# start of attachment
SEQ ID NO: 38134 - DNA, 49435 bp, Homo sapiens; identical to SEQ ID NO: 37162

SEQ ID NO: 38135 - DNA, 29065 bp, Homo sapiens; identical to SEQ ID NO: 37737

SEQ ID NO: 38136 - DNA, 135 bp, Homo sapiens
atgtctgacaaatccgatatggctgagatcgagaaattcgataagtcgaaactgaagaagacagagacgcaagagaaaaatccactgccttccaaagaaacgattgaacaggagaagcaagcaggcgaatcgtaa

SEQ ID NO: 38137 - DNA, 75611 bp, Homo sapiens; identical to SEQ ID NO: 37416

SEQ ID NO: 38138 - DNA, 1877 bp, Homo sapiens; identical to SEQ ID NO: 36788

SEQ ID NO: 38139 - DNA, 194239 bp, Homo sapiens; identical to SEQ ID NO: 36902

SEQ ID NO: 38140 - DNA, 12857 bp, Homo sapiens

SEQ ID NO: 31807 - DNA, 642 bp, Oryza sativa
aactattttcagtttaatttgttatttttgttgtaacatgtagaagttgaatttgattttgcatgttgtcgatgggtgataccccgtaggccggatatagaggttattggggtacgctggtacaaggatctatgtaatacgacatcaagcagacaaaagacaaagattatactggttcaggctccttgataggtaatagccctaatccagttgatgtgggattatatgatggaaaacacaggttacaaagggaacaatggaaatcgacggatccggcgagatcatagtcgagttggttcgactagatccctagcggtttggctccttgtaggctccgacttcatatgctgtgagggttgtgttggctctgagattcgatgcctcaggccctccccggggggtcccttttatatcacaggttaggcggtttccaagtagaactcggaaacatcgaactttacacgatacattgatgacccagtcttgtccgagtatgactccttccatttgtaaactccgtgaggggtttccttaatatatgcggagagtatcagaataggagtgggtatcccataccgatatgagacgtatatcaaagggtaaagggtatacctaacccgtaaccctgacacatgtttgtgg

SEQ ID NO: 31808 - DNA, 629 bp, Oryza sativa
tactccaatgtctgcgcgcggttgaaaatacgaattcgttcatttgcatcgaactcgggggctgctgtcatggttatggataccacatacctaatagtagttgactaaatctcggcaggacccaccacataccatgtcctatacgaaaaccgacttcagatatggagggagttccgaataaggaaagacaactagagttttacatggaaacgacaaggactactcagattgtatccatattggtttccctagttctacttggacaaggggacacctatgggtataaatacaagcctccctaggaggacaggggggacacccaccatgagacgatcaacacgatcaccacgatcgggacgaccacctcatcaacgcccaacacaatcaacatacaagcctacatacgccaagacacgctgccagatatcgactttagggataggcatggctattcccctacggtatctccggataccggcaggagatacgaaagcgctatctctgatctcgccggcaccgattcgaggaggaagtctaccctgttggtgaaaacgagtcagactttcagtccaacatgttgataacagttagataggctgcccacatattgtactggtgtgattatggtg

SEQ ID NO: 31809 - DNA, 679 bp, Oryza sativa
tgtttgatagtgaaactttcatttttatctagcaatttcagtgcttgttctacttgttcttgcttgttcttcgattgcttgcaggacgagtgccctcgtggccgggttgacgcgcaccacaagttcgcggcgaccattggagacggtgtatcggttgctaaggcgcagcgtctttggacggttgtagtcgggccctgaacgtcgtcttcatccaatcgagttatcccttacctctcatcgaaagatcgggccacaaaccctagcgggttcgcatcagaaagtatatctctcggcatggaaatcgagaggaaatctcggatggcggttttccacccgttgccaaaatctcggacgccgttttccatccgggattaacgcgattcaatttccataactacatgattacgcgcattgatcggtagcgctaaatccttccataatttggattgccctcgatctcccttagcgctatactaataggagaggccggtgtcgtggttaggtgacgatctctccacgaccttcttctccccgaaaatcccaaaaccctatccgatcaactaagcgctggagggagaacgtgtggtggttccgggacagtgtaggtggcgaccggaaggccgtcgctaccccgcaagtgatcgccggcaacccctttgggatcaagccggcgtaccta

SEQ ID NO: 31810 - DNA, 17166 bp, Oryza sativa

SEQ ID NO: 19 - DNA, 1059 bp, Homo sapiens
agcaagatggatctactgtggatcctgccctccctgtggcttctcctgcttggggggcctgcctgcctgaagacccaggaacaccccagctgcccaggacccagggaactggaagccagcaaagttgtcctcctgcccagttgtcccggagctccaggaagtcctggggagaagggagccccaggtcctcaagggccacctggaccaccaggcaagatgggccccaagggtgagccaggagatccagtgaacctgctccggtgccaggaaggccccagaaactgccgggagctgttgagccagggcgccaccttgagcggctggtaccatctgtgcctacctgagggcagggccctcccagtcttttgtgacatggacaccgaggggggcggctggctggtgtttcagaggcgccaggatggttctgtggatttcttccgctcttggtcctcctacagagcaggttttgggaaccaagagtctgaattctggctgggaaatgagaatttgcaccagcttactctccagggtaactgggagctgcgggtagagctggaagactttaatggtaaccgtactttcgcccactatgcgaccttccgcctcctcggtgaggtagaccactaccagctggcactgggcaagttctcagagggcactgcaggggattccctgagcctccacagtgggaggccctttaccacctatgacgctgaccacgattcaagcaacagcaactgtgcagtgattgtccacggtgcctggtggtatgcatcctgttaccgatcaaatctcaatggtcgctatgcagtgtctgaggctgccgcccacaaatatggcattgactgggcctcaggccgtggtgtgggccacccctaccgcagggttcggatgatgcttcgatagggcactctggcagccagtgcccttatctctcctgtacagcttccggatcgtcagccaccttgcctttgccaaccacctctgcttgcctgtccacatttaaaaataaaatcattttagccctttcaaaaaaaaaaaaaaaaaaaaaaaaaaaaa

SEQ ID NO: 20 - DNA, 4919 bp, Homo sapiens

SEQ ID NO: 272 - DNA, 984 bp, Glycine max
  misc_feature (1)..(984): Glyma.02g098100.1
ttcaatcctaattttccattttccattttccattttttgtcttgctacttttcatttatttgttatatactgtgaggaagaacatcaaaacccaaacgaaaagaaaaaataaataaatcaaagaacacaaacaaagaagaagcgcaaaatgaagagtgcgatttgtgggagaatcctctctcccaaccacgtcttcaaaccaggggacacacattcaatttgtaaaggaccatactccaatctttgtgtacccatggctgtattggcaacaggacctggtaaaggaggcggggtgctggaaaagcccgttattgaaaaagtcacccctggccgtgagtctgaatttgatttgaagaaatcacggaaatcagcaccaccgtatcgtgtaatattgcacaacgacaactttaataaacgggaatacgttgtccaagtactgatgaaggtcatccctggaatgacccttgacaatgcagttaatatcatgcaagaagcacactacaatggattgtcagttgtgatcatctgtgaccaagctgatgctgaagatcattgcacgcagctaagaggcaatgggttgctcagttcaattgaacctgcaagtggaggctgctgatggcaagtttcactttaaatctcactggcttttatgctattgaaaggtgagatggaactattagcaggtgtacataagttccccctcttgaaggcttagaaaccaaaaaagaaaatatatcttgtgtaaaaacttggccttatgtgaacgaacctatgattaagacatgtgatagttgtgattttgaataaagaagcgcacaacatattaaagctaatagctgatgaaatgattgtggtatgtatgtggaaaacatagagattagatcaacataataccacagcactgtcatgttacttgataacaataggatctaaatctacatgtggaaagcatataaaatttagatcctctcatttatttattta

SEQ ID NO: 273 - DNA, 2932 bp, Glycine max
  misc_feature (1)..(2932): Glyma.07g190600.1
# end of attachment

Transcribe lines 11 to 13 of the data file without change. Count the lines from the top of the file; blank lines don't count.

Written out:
SEQ ID NO: 31808 - DNA, 629 bp, Oryza sativa
tactccaatgtctgcgcgcggttgaaaatacgaattcgttcatttgcatcgaactcgggggctgctgtcatggttatggataccacatacctaatagtagttgactaaatctcggcaggacccaccacataccatgtcctatacgaaaaccgacttcagatatggagggagttccgaataaggaaagacaactagagttttacatggaaacgacaaggactactcagattgtatccatattggtttccctagttctacttggacaaggggacacctatgggtataaatacaagcctccctaggaggacaggggggacacccaccatgagacgatcaacacgatcaccacgatcgggacgaccacctcatcaacgcccaacacaatcaacatacaagcctacatacgccaagacacgctgccagatatcgactttagggataggcatggctattcccctacggtatctccggataccggcaggagatacgaaagcgctatctctgatctcgccggcaccgattcgaggaggaagtctaccctgttggtgaaaacgagtcagactttcagtccaacatgttgataacagttagataggctgcccacatattgtactggtgtgattatggtg

SEQ ID NO: 31809 - DNA, 679 bp, Oryza sativa